May 15, 2010
"Your ID please."
5th Sunday of Easter (C)
May 2, 2010
John 13:31-35 “This is how all will know that you are my disciples …”
Our gospel brings us to the last moments of Jesus where he bids goodbye to his disciples. It is very human that when we leave, we want to be remembered. He wants to give his followers a lasting sign that will distinguish them from the rest of the world – the ability to love one another (John 13:35). A passport allows us to know each others’ nationality; but our love for one another will allow others to recognize us as disciples of Jesus.
Let’ stop for a while and reflect the following paradox of life I recently read:
“We have taller buildings, but shorter tempers; wider freeways, but narrower viewpoints. We spend more, but have less; we buy more, but enjoy it less. We have bigger houses and divided families. More conveniences, but less time; we have more degrees, but less love; more knowledge, but less good judgment. We have more experts, but fewer solutions; more medicine, but less health. We have multiplied our possessions, but reduced our values. We talk too much, but don’t know how to listen. We have learned how to make a living, but not a life; we have added years to life, not life to years. We have been all the way to the moon and back, but have trouble crossing the street to meet the new neighbour. We have higher incomes, but lower morals; we’ve become long on quantity, but short on quality. These are the times of world peace, but domestic warfare; more leisure, but less fun; more kinds of food, but less nutrition. We have cleaned up the air, but polluted our soul.” – Anonymous.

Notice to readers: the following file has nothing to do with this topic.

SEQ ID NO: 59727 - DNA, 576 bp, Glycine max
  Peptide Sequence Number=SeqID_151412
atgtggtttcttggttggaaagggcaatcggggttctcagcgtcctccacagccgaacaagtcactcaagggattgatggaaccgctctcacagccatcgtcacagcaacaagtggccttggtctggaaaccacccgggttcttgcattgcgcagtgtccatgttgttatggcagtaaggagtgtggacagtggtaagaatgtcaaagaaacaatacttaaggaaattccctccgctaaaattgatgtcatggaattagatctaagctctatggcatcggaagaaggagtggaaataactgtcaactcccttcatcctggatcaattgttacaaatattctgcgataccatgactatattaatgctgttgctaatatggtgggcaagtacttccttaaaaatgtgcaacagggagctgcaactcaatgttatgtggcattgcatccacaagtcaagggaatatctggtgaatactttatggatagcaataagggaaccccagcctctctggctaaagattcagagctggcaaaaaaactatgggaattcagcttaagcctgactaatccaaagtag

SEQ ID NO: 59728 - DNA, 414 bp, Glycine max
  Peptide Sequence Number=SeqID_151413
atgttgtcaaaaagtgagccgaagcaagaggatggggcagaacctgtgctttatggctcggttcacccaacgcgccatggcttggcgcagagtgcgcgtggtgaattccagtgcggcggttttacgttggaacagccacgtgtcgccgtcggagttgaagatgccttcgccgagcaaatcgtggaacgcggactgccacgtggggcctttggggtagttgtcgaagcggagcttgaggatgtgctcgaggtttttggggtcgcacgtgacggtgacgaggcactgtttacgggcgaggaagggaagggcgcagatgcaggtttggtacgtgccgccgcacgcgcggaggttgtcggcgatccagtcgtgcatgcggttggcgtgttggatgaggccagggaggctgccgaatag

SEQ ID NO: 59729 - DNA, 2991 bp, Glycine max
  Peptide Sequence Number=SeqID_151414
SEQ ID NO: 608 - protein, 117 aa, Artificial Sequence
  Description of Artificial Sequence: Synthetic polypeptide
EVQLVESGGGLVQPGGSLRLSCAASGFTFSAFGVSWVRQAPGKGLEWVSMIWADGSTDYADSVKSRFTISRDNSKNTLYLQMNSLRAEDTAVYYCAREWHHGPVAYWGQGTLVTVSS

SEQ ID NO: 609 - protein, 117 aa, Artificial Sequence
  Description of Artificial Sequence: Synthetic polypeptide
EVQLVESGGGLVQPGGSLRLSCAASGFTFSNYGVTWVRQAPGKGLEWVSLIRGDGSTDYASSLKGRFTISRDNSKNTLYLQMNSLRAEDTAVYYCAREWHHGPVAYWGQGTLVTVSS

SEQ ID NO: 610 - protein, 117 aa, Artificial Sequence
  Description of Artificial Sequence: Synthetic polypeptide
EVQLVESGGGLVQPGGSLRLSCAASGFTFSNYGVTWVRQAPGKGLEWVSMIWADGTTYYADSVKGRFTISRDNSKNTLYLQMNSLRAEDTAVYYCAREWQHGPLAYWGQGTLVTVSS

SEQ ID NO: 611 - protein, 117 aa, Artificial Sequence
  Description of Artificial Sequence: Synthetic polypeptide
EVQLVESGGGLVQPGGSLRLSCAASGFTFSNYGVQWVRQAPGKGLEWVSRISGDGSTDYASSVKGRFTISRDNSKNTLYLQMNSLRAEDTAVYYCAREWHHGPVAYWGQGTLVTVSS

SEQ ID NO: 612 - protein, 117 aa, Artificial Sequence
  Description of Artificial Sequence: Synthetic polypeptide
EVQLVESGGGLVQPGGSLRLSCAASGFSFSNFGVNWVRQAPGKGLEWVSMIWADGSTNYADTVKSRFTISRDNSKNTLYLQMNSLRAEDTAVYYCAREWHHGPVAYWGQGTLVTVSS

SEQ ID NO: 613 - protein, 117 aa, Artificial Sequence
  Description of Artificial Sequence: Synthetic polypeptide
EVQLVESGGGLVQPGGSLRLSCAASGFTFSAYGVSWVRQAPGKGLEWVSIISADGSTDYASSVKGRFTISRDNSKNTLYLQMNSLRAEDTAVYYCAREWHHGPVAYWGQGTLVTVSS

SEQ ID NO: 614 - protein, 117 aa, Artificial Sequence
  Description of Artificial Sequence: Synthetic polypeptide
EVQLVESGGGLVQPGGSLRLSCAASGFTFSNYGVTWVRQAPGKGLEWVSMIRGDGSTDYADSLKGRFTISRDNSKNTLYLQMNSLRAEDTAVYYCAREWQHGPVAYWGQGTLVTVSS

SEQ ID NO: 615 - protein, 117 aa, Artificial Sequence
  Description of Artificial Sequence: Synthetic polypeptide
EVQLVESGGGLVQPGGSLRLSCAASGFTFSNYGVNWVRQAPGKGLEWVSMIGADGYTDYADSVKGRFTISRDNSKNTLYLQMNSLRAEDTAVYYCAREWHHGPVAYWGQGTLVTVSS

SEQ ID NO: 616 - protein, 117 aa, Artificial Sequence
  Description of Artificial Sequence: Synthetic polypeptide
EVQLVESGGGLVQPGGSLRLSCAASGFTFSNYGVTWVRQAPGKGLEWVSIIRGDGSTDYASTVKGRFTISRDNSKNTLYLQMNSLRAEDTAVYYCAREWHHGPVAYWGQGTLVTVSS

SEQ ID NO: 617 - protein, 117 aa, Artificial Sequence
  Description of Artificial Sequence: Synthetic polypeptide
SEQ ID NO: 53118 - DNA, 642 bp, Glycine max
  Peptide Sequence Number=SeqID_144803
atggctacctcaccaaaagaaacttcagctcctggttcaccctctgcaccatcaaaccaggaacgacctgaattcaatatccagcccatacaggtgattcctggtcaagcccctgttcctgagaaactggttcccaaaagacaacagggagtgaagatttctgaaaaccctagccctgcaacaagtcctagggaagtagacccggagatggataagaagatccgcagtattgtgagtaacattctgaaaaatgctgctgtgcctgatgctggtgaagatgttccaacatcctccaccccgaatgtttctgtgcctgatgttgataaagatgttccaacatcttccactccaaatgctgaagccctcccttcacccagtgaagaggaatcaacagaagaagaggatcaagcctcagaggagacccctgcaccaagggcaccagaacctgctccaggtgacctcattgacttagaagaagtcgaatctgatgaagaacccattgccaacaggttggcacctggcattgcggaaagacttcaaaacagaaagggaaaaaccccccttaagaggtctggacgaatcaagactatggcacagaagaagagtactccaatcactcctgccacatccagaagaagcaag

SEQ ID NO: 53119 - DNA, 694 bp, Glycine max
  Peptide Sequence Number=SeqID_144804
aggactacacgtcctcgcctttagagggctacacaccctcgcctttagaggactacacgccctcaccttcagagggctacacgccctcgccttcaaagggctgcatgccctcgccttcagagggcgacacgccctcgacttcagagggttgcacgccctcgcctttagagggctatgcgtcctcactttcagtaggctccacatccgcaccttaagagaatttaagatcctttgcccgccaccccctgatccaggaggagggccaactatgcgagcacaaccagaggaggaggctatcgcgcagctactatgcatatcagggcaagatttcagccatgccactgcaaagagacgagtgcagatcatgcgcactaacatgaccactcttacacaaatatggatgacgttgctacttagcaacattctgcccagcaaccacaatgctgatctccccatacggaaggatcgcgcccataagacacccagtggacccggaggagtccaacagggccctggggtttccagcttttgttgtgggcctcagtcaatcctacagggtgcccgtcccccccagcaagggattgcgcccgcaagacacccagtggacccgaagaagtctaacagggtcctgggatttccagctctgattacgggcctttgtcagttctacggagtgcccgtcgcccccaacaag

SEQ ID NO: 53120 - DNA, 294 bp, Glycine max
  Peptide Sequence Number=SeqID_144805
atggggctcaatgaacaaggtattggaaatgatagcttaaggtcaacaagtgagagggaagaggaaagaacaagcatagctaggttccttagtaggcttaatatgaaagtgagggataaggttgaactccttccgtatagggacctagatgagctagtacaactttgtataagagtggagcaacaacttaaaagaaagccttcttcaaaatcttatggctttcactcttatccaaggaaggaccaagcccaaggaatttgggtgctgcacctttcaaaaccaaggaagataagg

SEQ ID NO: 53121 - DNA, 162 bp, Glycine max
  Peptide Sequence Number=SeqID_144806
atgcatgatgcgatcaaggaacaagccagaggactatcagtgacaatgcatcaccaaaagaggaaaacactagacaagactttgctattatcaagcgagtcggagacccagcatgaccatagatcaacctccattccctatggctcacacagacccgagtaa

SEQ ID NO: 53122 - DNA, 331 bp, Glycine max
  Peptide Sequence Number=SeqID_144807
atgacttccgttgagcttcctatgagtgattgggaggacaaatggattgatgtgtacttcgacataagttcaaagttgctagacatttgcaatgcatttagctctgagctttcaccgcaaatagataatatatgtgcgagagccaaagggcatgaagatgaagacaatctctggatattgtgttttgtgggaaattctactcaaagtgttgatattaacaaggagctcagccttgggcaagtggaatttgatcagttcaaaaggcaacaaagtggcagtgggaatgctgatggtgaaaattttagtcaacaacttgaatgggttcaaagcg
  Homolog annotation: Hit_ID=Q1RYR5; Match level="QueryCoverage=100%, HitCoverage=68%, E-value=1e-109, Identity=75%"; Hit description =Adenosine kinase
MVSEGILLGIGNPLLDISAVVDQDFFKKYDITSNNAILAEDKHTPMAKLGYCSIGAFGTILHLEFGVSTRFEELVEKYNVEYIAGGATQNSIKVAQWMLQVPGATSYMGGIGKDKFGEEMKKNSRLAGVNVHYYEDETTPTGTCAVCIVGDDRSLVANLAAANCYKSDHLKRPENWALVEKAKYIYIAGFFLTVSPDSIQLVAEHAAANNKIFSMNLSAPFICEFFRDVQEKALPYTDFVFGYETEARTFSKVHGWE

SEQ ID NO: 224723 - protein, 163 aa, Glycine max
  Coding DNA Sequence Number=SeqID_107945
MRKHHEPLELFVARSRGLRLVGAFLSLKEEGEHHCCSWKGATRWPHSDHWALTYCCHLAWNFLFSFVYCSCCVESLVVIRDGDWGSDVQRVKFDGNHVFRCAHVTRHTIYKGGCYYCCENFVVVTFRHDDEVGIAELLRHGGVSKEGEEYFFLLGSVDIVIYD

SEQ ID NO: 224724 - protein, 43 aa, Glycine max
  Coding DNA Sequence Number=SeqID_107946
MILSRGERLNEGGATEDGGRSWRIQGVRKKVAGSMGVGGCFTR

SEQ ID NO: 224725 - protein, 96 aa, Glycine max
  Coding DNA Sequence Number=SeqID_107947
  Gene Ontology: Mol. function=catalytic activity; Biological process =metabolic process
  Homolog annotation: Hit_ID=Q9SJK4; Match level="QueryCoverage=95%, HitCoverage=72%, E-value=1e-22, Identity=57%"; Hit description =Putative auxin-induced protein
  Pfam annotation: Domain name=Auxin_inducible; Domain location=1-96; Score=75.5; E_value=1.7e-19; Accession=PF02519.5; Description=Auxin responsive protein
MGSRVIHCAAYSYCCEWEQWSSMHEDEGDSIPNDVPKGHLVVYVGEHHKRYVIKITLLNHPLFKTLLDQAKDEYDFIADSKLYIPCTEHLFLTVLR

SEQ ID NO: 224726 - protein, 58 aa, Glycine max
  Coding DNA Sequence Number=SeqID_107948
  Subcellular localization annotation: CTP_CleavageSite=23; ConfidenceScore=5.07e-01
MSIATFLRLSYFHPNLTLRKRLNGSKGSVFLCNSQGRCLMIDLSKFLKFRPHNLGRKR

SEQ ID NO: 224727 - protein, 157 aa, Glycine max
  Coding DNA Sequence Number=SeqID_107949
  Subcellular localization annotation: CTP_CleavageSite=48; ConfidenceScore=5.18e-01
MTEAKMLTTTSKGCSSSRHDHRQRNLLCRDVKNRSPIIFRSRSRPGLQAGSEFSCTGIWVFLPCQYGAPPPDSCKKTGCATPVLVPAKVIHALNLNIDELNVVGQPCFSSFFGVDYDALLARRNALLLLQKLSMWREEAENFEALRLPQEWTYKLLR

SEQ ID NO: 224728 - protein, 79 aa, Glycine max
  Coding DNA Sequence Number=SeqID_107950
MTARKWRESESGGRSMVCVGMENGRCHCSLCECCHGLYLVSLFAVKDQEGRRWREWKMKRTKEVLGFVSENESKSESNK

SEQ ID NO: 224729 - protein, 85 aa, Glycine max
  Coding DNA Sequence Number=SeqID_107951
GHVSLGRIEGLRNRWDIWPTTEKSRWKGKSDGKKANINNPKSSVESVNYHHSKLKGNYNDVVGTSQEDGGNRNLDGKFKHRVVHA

This paradox of life simply tells us that some of us have lost their Christian I.D.
In our gospel today, Jesus wants us to wear our Christian identity: our capacity to love one another. When we know how to love unconditionally, we become effective messengers of God’s love. People remember us not because we did great things for them; but because they felt our presence when they need us most. Anything done with great love – listening to your son, a good evening family meal, serving a cup of coffee to your dad or mom, stroll at the park with grandma, a warm morning greeting to a homeless, a surprise visit to a friend, a phone call just to say hello, a thank you note to your teacher and other small act of kindness – is worth remembering. Love spells T-I-M-E.
Do you still remember your favorite teacher in grade school or high school? I do. Her name is Miss Maria Calica. Her lovely face is still vivid in my memory. She gave me a bar of chocolate and a hug to ease my fear on my first day in school. That small act of kindness left a wonderful memory in my heart; that’s love – the disciples’ I.D.
It’s fun to walk in the famous Hollywood’s Walk of Fame. Viewing the names of more than 2,000 movie stars engraved along the sidewalks of Hollywood Boulevard is interesting and entertaining; but everything ends there. But each time I walk through my own memory lane, it gives me joy and gratitude remembering people who touched my life - their kindness is deeply engraved in my heart. I will never forget them for the rest of my life.
- Fr. Willy M. Samson,SJ / Blessed Sacrament Parish, Hollywood / May 2, 2010